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  1. #1
    Join Date
    Jul 2005
    Location
    Perkasie, PA
    Posts
    1,998

    Default Honey, a nuisance

    So, I've finally decided to enter the 19th century and stop using destructive methods of honey harvest and buy some real extracting equipment. I want a setup that is 1) QUICK and 2) A "pleasure" to use . Physical size, ease of cleanup and maintenence are important. I will pay $$ for fine equipment that works well. I cannot afford a honey house or even a real house and do not have the time to market honey. If I sell any product it will be to a single buyer. Opinions of full time, commercial beeks are especially welcome.

  2. #2
    Join Date
    Jul 2004
    Location
    Inver Grove, MN
    Posts
    1,462

    Default

    So.... how many hives do you have? I think it's going to make a difference in the answers you get.
    Linux - World domination through world cooperation

  3. #3
    Join Date
    Apr 2003
    Location
    Greenville, TX, USA
    Posts
    4,365

    Default

    Without a honey house or even a house, small or portable sounds like the operative word. Make sure it will go through whatever doors it needs to.

  4. #4
    Join Date
    Jun 2005
    Location
    Sawyer, Michigan, USA
    Posts
    2,115

    Default

    My garage becomes my honey house during the harvest season, it donít hurt the car to set outside for a couple of months.
    Buy a good extractor if you buy to small you will be sorry, they donít get any cheaper so get what you think you will need now. I have a Dadant powered extractor and love it, even though I wished I would have sprung for a larger one. You can make your own uncapping tank. I used two PVC laundry sinks. I bolted them together, I use a modified medal queen excluder and stainless window screen for a strainer. And ĺ EMT conduit for frame rests while uncapping.
    You can buy white plastic buckets at places like Lowes and buy a honey gate from various suppliers for under 15 bucks for a bottling tank.
    After I started to sell honey in my area every year they seem to find me to buy honey. But a little leg work will score more customers. Right now I have 27 hives but only started out with two in 2001, which is the only year I didnít make a profit. If you are a little handy you can save yourself money by making your own equipment.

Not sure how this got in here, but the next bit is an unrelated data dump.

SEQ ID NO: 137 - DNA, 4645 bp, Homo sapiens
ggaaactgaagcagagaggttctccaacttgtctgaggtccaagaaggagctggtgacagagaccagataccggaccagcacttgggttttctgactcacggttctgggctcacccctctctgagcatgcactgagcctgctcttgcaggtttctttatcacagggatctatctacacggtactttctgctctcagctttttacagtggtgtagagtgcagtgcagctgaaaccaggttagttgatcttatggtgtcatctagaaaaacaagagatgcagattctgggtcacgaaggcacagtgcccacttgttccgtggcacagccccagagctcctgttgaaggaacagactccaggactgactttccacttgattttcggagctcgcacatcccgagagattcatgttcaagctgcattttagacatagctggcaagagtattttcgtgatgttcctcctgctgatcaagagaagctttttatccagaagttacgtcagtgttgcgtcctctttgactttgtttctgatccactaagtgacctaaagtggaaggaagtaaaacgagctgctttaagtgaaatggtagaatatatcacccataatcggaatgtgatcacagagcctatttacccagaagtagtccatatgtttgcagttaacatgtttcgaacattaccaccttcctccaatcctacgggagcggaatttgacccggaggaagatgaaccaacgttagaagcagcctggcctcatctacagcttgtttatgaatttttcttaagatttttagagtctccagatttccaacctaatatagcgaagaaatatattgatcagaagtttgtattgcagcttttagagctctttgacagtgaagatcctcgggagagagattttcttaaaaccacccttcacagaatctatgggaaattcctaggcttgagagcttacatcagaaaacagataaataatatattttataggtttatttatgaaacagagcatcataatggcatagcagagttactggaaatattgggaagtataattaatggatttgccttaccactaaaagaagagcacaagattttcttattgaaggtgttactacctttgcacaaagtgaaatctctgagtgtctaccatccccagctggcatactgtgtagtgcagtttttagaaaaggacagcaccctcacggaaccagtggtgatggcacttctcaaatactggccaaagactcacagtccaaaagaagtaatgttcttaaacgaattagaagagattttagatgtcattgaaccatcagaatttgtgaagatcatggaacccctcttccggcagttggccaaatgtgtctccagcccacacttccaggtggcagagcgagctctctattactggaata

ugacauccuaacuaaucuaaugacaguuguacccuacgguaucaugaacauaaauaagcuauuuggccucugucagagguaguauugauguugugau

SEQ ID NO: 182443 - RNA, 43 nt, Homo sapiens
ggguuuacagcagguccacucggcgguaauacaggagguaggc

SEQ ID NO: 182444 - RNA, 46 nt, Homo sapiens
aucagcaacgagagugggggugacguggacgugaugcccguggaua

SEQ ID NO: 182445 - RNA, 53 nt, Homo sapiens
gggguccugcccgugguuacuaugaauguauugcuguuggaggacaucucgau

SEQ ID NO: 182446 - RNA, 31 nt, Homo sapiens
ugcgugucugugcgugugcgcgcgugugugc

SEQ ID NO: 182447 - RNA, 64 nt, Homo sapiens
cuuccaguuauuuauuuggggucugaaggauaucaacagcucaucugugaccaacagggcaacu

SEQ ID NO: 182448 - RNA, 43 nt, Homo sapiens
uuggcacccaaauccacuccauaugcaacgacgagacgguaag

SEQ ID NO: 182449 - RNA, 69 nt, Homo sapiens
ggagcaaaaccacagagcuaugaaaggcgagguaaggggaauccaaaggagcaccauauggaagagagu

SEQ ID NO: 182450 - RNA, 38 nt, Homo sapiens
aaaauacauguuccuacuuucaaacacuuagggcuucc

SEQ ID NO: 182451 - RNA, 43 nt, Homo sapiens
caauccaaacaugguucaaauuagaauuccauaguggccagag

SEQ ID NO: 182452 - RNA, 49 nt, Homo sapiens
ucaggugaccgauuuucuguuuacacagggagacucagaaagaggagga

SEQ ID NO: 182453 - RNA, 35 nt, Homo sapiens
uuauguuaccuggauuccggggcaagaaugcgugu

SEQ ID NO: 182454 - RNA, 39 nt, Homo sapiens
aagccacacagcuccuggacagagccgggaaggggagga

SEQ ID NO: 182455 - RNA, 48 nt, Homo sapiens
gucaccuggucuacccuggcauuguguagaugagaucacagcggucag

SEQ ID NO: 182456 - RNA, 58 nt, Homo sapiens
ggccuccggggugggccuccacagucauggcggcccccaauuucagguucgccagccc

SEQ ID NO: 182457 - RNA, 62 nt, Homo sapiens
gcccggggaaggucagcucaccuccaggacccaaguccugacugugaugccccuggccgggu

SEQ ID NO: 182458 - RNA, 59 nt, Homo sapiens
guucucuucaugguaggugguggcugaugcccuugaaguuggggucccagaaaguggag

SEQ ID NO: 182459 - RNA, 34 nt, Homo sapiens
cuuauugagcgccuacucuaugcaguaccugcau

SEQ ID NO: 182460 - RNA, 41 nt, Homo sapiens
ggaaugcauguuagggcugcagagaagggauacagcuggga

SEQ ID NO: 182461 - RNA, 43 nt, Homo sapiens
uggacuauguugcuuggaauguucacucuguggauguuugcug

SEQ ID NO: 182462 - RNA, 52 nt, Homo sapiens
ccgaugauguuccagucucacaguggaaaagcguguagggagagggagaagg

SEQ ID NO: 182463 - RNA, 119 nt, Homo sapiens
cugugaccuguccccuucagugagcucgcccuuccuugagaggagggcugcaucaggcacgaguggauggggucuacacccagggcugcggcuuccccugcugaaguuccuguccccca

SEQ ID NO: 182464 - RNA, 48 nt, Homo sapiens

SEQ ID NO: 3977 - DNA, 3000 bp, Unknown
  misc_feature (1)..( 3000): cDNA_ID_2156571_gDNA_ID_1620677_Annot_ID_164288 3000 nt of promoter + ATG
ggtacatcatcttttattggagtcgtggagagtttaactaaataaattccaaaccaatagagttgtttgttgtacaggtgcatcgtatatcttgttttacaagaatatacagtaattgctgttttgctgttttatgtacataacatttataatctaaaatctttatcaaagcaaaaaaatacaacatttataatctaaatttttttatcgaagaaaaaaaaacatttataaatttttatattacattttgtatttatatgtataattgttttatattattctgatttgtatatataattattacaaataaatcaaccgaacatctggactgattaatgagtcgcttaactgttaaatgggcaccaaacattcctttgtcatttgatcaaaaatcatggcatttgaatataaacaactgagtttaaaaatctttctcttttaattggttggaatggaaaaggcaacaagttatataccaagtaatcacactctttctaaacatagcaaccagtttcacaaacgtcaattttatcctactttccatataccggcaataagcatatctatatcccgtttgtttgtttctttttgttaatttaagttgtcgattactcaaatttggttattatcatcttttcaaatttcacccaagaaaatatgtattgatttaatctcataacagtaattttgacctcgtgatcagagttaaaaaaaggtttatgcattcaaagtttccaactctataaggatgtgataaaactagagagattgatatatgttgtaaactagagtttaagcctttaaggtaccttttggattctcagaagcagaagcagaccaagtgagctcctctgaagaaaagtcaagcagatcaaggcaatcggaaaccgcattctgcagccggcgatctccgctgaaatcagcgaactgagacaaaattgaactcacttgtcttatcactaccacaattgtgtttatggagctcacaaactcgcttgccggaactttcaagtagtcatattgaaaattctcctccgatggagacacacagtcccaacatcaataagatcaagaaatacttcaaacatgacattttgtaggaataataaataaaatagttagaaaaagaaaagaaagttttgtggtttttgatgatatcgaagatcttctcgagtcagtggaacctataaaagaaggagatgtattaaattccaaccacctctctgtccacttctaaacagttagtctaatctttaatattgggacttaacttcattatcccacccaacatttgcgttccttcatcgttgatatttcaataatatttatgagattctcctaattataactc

The Busy Bee teaches two lessons: One is not to be idle and the other is not to get stung.

  5. #5
    Join Date
    Dec 2006
    Location
    St. Albans, Vermont
    Posts
    5,321

    Default

    Why don't you make comb honey?

  6. #6
    Join Date
    Jul 2005
    Location
    Perkasie, PA
    Posts
    1,998

    Default

    Quote Originally Posted by Michael Palmer View Post
    Why don't you make comb honey?
    I do make comb honey, but am currently culling 20% of my comb per a year. This combined with comb honey, crushing, and difficulty with storage makes it difficult to increase my comb inventory. Given time, space and money I would work hives 'til I passed out and expand without limit :-)

    As it stands I only have 11 hives and was eyeing one of those little Italian jobs.

  7. #7
    Join Date
    Jul 2003
    Location
    Bartonville, TX USA
    Posts
    456

    Default Nuisance honey

    dadant's Ranger with a motor is an economical and easy solution. get the extra basket for deeps and you can do shallows mediums radially and deeps tangentially. fast easy and inexpensive. if the honey is too big a nuisance let us know, i'm sure someone will take it off your hands. With 11 hives one season will pay for your equipment.

    frankly if you bottle it, give away a few bottles, then people will just come to you for it. I never have enough, the people who really love it buy one jar and then come back for a case.

    Or find some enterprising kid and let him bottle and sell it and split the spoils.
    "Beware of all enterprises that require new clothes"
    Henry David Thoreau, Walden

  8. #8
    Join Date
    Nov 2004
    Location
    Texas City, Tx
    Posts
    183

    Smile I purchased one of those Little Italian jobs

    I have 18 hives. I purchased one of those little Italian jobs, 9 frame hand crank. I didn't use it but one season before I bought a conversion "power head" from Kelleys. The radial design requires a lot more spinning than the 4 frame tangential to get the honey out. It didn't require that much "backyard engineering" to get Kelley power head to work with the Italian extractor. For the money it's the best buy in my opinion.
    you must endeavor to persevere

  9. #9
    Join Date
    Mar 2008
    Location
    Russellville, Alabama
    Posts
    112

    Default

    I'm in the process of build ing a small 2 frame radial. It will be a 3:1 ratio. I hope it will spin fast enough.

  10. #10
    Join Date
    Jul 2004
    Location
    Seattle, Washington State
    Posts
    4,398

    Default

    Aspera:

    Email me at chefif@comcast.net

    I have a friend, who is also a beesource member, who build a real nice extractor for pretty cheap. He is very innovative.
    Chef Isaac..Culinary Arts and Honey are a sweet mix! http://www.sweetascanbeehoneyfarm.com & http://www.adoptahive.info

  11. #11
    Join Date
    Jul 2005
    Location
    Perkasie, PA
    Posts
    1,998

    Default

    Chef,

    Just emailed ya, let me know the details.

    Hal

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